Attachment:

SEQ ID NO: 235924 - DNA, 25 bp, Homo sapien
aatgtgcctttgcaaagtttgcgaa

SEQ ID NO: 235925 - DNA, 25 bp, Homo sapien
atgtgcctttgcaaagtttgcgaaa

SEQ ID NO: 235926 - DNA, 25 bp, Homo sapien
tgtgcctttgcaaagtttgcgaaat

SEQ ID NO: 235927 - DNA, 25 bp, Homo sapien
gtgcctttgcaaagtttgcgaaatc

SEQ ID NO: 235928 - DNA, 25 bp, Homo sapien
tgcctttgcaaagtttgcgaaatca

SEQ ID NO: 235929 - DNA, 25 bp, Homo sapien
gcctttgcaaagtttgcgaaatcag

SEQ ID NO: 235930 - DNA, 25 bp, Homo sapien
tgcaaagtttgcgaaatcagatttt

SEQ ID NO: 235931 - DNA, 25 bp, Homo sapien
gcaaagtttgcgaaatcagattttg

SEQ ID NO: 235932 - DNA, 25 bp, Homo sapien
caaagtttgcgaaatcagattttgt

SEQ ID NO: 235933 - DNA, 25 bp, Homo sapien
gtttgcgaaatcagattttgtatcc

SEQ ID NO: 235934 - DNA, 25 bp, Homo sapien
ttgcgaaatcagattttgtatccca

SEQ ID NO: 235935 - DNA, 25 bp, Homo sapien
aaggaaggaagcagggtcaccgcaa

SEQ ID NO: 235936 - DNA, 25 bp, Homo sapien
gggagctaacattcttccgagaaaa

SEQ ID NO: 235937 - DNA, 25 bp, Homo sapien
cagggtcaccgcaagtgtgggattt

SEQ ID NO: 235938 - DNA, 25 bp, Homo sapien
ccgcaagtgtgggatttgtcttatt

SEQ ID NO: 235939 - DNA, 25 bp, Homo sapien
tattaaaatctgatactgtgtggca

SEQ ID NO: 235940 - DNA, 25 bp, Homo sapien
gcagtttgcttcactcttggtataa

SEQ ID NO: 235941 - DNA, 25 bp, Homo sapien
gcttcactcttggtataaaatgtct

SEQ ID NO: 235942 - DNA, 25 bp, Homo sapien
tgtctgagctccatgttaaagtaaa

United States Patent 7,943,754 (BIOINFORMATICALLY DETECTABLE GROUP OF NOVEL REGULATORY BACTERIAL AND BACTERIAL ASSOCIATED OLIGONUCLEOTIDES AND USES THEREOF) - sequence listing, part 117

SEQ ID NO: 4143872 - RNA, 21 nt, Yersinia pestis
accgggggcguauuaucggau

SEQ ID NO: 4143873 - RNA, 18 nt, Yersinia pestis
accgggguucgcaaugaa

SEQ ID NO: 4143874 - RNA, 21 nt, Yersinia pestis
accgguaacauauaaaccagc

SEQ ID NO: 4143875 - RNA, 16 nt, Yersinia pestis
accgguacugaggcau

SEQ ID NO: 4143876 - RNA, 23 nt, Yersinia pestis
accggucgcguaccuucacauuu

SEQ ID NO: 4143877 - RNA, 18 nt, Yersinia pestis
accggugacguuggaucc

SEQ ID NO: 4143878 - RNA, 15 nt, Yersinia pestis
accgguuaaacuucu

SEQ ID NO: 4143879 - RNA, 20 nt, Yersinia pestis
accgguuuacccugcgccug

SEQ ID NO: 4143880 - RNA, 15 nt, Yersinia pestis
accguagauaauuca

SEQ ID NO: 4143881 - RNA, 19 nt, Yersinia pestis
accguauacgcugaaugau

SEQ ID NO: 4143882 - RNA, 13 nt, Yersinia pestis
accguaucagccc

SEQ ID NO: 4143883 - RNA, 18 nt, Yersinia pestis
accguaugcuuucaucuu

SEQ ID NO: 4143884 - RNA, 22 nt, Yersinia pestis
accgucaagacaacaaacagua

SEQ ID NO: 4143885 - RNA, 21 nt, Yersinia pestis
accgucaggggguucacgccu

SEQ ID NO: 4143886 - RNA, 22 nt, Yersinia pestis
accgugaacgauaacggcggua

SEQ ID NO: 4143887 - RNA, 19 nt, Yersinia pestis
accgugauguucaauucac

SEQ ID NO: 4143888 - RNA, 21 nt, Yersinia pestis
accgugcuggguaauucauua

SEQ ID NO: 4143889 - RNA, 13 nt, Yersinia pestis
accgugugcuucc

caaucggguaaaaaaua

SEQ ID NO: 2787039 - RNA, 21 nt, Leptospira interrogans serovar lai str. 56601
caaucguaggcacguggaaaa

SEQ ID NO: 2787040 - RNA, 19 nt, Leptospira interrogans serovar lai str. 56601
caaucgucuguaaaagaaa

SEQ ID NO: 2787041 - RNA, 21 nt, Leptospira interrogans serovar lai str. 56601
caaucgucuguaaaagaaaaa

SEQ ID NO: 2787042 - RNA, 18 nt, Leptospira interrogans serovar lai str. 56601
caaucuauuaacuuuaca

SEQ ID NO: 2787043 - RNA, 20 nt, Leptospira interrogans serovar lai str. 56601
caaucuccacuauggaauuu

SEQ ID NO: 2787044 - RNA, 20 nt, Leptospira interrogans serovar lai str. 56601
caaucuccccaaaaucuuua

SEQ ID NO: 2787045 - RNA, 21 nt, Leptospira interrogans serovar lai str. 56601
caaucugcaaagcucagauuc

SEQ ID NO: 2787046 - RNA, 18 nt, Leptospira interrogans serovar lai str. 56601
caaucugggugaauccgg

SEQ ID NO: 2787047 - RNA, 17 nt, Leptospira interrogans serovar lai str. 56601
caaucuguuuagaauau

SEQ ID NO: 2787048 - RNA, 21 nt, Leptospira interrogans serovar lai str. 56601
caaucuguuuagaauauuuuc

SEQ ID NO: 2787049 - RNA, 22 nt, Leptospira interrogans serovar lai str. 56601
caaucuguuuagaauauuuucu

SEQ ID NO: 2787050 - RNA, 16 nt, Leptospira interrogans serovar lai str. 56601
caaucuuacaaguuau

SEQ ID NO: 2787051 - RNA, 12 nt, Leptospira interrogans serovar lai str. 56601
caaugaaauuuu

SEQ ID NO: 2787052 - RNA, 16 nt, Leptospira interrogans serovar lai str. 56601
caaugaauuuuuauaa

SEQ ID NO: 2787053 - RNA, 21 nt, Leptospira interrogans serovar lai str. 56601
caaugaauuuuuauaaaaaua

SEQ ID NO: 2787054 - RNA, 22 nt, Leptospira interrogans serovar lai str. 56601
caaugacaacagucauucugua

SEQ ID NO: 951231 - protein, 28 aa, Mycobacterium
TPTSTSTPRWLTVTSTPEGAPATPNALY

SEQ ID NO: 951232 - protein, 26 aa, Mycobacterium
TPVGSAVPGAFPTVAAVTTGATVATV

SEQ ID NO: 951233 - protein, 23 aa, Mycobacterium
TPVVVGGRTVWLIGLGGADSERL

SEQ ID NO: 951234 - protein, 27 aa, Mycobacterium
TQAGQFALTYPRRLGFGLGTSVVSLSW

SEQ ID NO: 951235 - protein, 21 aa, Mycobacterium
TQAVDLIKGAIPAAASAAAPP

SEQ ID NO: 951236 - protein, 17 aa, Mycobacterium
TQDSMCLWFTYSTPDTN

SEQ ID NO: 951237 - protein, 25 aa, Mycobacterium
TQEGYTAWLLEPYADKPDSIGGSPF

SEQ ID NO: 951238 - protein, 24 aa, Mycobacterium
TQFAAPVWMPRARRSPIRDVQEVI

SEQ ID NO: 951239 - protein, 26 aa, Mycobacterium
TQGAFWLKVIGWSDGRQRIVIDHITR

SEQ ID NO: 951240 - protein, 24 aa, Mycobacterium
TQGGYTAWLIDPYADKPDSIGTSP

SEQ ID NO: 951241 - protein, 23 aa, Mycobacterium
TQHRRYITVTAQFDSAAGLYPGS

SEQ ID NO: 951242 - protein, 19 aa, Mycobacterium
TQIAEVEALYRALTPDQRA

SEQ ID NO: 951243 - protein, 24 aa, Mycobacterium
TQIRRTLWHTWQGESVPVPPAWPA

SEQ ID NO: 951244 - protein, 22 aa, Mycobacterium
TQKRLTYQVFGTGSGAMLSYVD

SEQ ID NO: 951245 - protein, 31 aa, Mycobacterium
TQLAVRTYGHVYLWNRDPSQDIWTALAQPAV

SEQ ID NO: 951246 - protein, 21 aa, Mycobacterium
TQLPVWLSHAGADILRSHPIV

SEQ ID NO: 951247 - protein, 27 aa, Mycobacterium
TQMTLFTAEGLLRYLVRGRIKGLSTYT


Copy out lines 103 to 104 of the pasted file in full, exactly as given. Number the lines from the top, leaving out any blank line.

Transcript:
SEQ ID NO: 2787052 - RNA, 16 nt, Leptospira interrogans serovar lai str. 56601
caaugaauuuuuauaa